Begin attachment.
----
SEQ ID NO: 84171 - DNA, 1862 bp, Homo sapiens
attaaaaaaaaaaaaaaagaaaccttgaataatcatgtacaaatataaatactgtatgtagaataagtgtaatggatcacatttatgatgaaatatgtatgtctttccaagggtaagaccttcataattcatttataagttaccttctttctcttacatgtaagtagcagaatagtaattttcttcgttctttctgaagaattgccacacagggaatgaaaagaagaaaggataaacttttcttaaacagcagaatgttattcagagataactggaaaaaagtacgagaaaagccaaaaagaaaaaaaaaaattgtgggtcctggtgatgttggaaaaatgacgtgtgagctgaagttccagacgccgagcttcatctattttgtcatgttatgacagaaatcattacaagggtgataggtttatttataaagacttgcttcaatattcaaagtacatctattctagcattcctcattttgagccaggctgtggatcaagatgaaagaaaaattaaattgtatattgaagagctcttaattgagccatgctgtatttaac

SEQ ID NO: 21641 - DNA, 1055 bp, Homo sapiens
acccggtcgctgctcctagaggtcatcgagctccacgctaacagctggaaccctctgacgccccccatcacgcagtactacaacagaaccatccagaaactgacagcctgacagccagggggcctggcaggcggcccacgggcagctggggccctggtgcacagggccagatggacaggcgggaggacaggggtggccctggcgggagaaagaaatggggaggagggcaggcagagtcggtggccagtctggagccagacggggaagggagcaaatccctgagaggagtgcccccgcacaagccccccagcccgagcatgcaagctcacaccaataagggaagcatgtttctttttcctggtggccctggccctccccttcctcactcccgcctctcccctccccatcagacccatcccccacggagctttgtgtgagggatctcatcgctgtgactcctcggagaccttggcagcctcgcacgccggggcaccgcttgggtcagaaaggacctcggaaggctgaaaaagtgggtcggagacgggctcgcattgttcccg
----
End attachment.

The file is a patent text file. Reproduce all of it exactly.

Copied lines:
SEQ ID NO: 84171 - DNA, 1862 bp, Homo sapiens
attaaaaaaaaaaaaaaagaaaccttgaataatcatgtacaaatataaatactgtatgtagaataagtgtaatggatcacatttatgatgaaatatgtatgtctttccaagggtaagaccttcataattcatttataagttaccttctttctcttacatgtaagtagcagaatagtaattttcttcgttctttctgaagaattgccacacagggaatgaaaagaagaaaggataaacttttcttaaacagcagaatgttattcagagataactggaaaaaagtacgagaaaagccaaaaagaaaaaaaaaaattgtgggtcctggtgatgttggaaaaatgacgtgtgagctgaagttccagacgccgagcttcatctattttgtcatgttatgacagaaatcattacaagggtgataggtttatttataaagacttgcttcaatattcaaagtacatctattctagcattcctcattttgagccaggctgtggatcaagatgaaagaaaaattaaattgtatattgaagagctcttaattgagccatgctgtatttaac

SEQ ID NO: 21641 - DNA, 1055 bp, Homo sapiens
acccggtcgctgctcctagaggtcatcgagctccacgctaacagctggaaccctctgacgccccccatcacgcagtactacaacagaaccatccagaaactgacagcctgacagccagggggcctggcaggcggcccacgggcagctggggccctggtgcacagggccagatggacaggcgggaggacaggggtggccctggcgggagaaagaaatggggaggagggcaggcagagtcggtggccagtctggagccagacggggaagggagcaaatccctgagaggagtgcccccgcacaagccccccagcccgagcatgcaagctcacaccaataagggaagcatgtttctttttcctggtggccctggccctccccttcctcactcccgcctctcccctccccatcagacccatcccccacggagctttgtgtgagggatctcatcgctgtgactcctcggagaccttggcagcctcgcacgccggggcaccgcttgggtcagaaaggacctcggaaggctgaaaaagtgggtcggagacgggctcgcattgttcccg